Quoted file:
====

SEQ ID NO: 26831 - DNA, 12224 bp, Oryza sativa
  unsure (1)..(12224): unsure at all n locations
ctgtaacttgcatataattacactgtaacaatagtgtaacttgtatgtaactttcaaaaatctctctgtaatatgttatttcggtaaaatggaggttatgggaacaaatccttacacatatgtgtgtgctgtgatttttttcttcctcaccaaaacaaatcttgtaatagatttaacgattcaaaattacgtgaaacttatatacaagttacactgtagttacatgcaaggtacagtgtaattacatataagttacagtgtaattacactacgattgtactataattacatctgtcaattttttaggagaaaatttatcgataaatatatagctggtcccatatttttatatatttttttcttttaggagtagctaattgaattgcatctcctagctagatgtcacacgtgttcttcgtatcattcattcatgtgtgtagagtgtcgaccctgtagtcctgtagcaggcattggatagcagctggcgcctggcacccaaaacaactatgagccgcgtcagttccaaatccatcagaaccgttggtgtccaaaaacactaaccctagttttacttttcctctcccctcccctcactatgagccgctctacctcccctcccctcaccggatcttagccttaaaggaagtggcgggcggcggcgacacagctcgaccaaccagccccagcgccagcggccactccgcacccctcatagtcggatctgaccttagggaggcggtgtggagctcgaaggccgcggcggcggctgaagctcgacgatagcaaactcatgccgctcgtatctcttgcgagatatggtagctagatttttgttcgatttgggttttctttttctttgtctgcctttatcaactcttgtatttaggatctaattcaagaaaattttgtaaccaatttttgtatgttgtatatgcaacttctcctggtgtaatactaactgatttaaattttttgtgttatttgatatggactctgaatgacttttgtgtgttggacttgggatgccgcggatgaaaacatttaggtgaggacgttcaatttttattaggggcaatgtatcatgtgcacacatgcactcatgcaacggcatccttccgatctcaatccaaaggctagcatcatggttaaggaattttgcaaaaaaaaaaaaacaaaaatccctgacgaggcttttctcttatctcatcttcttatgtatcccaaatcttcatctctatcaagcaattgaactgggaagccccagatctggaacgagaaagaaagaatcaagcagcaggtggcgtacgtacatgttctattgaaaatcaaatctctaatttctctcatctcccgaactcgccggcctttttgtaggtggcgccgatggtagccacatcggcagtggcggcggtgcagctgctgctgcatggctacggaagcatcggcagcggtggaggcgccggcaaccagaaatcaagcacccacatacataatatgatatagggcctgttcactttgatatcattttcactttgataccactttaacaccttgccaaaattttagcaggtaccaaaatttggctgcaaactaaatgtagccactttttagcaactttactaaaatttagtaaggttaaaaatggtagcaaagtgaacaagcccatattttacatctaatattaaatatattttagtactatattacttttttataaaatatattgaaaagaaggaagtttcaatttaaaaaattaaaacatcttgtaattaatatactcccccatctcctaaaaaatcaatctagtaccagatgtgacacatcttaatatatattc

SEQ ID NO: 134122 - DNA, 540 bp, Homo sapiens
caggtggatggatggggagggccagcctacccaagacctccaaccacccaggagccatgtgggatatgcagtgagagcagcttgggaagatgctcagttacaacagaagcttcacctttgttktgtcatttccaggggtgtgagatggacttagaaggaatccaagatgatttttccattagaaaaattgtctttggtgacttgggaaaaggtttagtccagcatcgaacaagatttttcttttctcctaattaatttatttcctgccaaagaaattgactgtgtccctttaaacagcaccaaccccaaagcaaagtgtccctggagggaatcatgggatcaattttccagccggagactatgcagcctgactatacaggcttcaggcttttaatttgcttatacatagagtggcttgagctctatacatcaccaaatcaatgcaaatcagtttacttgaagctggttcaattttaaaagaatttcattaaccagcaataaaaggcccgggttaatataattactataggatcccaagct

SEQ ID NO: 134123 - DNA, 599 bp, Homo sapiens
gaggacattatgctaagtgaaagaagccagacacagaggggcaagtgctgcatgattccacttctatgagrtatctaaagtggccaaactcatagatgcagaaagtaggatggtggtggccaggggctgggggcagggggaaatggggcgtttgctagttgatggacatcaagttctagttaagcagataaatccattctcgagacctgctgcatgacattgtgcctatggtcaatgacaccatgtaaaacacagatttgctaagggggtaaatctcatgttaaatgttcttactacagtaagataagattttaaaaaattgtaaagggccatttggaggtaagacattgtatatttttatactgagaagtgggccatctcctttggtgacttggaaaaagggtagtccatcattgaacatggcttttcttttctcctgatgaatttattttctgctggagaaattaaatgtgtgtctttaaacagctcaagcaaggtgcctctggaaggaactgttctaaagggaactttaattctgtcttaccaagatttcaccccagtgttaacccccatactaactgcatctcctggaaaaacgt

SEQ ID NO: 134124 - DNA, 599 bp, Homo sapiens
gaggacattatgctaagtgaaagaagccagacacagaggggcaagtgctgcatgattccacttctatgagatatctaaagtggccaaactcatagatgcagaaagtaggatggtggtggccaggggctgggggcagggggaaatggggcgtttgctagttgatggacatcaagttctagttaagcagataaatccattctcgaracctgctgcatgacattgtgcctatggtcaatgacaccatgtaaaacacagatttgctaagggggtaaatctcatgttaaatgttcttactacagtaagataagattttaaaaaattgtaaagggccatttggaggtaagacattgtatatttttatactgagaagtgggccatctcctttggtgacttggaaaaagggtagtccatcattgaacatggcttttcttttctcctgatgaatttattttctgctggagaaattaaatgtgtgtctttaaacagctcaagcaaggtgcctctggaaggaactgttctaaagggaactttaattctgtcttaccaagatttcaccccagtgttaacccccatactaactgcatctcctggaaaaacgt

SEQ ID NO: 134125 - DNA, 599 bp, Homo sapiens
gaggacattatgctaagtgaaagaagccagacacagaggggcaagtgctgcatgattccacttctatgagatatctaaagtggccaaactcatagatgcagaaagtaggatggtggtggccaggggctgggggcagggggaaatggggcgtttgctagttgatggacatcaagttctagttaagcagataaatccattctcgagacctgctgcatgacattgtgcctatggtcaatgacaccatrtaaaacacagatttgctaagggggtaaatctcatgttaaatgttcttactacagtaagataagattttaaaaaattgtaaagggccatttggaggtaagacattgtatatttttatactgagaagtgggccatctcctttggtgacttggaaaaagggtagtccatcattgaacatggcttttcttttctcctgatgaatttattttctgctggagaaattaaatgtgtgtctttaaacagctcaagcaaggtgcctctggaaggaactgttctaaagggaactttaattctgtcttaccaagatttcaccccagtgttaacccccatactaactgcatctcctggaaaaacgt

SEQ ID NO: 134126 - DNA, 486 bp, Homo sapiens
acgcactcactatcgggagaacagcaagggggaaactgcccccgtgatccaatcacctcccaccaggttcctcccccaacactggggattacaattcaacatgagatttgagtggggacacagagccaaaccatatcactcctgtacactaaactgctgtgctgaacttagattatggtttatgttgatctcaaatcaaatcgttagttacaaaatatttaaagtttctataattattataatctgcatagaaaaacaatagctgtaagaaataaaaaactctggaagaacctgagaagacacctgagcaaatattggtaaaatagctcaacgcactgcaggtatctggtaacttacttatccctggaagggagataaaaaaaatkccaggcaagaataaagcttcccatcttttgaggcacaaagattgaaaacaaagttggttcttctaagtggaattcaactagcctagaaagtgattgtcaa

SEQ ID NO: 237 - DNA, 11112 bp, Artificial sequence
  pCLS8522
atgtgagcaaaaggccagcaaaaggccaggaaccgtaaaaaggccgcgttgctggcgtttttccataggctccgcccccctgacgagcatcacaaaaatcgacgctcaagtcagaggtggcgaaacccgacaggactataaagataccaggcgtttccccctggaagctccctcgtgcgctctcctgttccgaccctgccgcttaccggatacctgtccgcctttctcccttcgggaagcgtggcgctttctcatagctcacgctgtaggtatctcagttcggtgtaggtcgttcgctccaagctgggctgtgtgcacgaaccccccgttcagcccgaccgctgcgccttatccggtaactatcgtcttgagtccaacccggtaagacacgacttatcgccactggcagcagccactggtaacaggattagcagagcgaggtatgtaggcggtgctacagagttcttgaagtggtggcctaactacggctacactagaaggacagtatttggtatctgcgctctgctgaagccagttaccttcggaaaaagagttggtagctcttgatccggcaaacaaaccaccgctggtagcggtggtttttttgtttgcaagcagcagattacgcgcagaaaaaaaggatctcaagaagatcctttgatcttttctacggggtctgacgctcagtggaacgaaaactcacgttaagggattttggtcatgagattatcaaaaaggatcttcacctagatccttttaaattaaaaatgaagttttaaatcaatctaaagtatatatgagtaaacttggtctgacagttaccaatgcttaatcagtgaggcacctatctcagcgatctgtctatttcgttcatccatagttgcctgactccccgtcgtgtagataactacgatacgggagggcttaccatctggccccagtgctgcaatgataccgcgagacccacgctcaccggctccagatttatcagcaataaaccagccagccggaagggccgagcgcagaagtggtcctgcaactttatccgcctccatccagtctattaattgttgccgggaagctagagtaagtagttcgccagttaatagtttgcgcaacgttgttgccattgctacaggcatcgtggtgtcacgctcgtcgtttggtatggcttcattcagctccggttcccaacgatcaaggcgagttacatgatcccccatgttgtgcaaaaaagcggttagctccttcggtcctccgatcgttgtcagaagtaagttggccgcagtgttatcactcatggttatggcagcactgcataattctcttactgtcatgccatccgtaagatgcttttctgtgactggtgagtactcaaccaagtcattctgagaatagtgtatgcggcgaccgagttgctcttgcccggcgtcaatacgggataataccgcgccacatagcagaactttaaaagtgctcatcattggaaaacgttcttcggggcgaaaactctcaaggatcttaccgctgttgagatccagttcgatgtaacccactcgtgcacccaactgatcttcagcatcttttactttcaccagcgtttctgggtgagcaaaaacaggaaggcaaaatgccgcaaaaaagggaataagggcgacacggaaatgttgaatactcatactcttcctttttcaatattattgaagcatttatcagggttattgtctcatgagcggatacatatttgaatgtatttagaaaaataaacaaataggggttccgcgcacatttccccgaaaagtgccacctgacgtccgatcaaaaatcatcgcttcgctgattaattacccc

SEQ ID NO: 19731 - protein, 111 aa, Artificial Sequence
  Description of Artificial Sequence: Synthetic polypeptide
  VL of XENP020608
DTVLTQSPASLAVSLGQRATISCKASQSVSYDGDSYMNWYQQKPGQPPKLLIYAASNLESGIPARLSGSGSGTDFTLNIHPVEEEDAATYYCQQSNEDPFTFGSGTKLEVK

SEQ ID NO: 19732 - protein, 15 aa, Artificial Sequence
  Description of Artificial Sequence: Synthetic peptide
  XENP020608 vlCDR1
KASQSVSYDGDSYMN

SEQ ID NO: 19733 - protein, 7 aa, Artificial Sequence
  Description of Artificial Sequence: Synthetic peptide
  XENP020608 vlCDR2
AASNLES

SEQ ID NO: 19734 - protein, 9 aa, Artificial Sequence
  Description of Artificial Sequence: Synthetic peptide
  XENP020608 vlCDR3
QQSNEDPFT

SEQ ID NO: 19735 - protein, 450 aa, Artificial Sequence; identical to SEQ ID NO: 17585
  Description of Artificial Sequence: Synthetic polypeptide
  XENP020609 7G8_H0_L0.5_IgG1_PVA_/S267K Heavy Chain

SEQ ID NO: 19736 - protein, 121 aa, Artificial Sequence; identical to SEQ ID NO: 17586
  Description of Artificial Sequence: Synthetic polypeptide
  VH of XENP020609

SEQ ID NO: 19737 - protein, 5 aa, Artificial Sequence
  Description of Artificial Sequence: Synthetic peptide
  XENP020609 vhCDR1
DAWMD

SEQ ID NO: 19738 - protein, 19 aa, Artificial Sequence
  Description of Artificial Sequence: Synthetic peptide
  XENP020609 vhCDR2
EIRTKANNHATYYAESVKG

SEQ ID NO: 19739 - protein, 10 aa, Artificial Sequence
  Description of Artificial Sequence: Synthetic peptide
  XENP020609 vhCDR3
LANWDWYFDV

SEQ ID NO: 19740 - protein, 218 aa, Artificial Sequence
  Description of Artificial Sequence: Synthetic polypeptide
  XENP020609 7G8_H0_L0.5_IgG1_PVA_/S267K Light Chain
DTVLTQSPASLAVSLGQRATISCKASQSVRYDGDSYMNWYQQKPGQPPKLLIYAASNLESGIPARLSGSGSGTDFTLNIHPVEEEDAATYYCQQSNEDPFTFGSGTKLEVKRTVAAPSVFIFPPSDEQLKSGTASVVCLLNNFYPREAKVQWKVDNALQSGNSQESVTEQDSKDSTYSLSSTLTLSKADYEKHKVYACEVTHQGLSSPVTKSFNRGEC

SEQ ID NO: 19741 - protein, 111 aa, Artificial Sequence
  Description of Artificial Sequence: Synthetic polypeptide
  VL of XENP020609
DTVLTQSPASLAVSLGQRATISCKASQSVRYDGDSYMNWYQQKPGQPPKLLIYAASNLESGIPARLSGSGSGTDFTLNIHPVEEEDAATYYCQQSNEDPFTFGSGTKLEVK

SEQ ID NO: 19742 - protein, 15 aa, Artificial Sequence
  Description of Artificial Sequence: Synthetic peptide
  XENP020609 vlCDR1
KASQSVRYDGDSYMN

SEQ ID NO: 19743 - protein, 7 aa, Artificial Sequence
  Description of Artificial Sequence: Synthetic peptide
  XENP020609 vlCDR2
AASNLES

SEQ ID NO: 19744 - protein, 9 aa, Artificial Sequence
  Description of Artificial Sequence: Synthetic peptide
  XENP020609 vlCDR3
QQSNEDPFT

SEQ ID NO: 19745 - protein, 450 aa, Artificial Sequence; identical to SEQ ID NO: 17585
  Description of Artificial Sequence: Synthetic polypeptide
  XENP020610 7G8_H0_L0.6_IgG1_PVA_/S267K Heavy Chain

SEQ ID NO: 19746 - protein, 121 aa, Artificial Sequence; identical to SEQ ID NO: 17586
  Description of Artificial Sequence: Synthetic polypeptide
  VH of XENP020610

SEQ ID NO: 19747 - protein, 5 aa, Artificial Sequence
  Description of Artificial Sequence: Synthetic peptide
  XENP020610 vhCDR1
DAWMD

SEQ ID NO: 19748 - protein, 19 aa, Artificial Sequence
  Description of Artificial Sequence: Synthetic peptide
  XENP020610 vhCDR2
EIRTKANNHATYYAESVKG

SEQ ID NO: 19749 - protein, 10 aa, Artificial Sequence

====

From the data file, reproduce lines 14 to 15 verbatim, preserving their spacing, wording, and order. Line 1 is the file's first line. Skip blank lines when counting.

SEQ ID NO: 237 - DNA, 11112 bp, Artificial sequence
  pCLS8522